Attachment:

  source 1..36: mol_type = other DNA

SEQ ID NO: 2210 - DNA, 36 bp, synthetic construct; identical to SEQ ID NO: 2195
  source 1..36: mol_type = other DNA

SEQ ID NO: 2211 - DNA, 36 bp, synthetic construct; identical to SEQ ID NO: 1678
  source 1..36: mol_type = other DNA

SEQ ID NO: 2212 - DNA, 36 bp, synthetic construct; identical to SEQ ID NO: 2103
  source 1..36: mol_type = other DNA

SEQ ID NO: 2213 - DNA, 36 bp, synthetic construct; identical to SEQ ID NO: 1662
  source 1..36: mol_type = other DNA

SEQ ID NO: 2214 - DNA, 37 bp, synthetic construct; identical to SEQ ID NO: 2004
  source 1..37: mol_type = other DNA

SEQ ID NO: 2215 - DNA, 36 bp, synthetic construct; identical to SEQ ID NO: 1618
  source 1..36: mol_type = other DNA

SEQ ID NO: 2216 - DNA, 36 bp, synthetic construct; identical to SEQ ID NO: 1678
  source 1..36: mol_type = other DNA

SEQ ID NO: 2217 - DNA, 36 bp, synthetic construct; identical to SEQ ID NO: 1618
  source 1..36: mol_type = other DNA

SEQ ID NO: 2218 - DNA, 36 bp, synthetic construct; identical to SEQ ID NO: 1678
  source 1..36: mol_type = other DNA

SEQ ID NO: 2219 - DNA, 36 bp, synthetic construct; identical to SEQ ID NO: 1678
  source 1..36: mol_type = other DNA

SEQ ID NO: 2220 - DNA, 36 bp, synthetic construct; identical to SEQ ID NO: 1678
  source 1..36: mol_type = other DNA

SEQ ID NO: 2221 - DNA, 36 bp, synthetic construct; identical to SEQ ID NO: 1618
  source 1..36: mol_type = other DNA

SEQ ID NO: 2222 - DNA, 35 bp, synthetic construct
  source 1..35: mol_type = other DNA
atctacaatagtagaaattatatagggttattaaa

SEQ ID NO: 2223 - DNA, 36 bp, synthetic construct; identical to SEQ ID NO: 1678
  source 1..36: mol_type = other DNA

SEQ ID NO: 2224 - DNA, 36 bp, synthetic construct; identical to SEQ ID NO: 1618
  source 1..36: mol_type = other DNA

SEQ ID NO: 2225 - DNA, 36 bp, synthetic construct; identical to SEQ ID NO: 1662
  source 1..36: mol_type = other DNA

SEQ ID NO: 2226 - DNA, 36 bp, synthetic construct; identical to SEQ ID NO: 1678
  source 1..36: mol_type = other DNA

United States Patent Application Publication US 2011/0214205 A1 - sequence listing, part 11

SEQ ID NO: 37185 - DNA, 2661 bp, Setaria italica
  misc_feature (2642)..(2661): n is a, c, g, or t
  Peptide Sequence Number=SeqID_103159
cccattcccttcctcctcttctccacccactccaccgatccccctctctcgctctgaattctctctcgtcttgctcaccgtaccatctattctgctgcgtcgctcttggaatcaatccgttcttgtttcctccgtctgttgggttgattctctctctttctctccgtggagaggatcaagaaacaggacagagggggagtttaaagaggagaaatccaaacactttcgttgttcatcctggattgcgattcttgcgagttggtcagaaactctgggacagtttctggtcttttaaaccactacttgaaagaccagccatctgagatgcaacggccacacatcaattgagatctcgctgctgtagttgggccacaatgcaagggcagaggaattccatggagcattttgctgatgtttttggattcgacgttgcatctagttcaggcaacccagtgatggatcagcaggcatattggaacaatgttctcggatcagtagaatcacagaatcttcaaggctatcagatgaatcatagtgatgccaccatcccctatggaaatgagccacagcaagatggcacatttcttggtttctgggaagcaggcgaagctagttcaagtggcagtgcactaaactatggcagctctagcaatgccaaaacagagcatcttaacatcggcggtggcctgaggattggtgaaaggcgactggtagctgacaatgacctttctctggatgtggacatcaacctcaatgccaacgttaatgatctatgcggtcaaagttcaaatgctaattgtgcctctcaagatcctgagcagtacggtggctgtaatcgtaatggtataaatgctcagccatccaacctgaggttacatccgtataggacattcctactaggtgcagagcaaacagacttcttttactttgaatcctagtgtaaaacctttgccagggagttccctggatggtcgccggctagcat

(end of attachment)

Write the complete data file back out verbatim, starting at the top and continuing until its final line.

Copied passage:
  source 1..36: mol_type = other DNA

SEQ ID NO: 2210 - DNA, 36 bp, synthetic construct; identical to SEQ ID NO: 2195
  source 1..36: mol_type = other DNA

SEQ ID NO: 2211 - DNA, 36 bp, synthetic construct; identical to SEQ ID NO: 1678
  source 1..36: mol_type = other DNA

SEQ ID NO: 2212 - DNA, 36 bp, synthetic construct; identical to SEQ ID NO: 2103
  source 1..36: mol_type = other DNA

SEQ ID NO: 2213 - DNA, 36 bp, synthetic construct; identical to SEQ ID NO: 1662
  source 1..36: mol_type = other DNA

SEQ ID NO: 2214 - DNA, 37 bp, synthetic construct; identical to SEQ ID NO: 2004
  source 1..37: mol_type = other DNA

SEQ ID NO: 2215 - DNA, 36 bp, synthetic construct; identical to SEQ ID NO: 1618
  source 1..36: mol_type = other DNA

SEQ ID NO: 2216 - DNA, 36 bp, synthetic construct; identical to SEQ ID NO: 1678
  source 1..36: mol_type = other DNA

SEQ ID NO: 2217 - DNA, 36 bp, synthetic construct; identical to SEQ ID NO: 1618
  source 1..36: mol_type = other DNA

SEQ ID NO: 2218 - DNA, 36 bp, synthetic construct; identical to SEQ ID NO: 1678
  source 1..36: mol_type = other DNA

SEQ ID NO: 2219 - DNA, 36 bp, synthetic construct; identical to SEQ ID NO: 1678
  source 1..36: mol_type = other DNA

SEQ ID NO: 2220 - DNA, 36 bp, synthetic construct; identical to SEQ ID NO: 1678
  source 1..36: mol_type = other DNA

SEQ ID NO: 2221 - DNA, 36 bp, synthetic construct; identical to SEQ ID NO: 1618
  source 1..36: mol_type = other DNA

SEQ ID NO: 2222 - DNA, 35 bp, synthetic construct
  source 1..35: mol_type = other DNA
atctacaatagtagaaattatatagggttattaaa

SEQ ID NO: 2223 - DNA, 36 bp, synthetic construct; identical to SEQ ID NO: 1678
  source 1..36: mol_type = other DNA

SEQ ID NO: 2224 - DNA, 36 bp, synthetic construct; identical to SEQ ID NO: 1618
  source 1..36: mol_type = other DNA

SEQ ID NO: 2225 - DNA, 36 bp, synthetic construct; identical to SEQ ID NO: 1662
  source 1..36: mol_type = other DNA

SEQ ID NO: 2226 - DNA, 36 bp, synthetic construct; identical to SEQ ID NO: 1678
  source 1..36: mol_type = other DNA

United States Patent Application Publication US 2011/0214205 A1 - sequence listing, part 11

SEQ ID NO: 37185 - DNA, 2661 bp, Setaria italica
  misc_feature (2642)..(2661): n is a, c, g, or t
  Peptide Sequence Number=SeqID_103159
cccattcccttcctcctcttctccacccactccaccgatccccctctctcgctctgaattctctctcgtcttgctcaccgtaccatctattctgctgcgtcgctcttggaatcaatccgttcttgtttcctccgtctgttgggttgattctctctctttctctccgtggagaggatcaagaaacaggacagagggggagtttaaagaggagaaatccaaacactttcgttgttcatcctggattgcgattcttgcgagttggtcagaaactctgggacagtttctggtcttttaaaccactacttgaaagaccagccatctgagatgcaacggccacacatcaattgagatctcgctgctgtagttgggccacaatgcaagggcagaggaattccatggagcattttgctgatgtttttggattcgacgttgcatctagttcaggcaacccagtgatggatcagcaggcatattggaacaatgttctcggatcagtagaatcacagaatcttcaaggctatcagatgaatcatagtgatgccaccatcccctatggaaatgagccacagcaagatggcacatttcttggtttctgggaagcaggcgaagctagttcaagtggcagtgcactaaactatggcagctctagcaatgccaaaacagagcatcttaacatcggcggtggcctgaggattggtgaaaggcgactggtagctgacaatgacctttctctggatgtggacatcaacctcaatgccaacgttaatgatctatgcggtcaaagttcaaatgctaattgtgcctctcaagatcctgagcagtacggtggctgtaatcgtaatggtataaatgctcagccatccaacctgaggttacatccgtataggacattcctactaggtgcagagcaaacagacttcttttactttgaatcctagtgtaaaacctttgccagggagttccctggatggtcgccggctagcat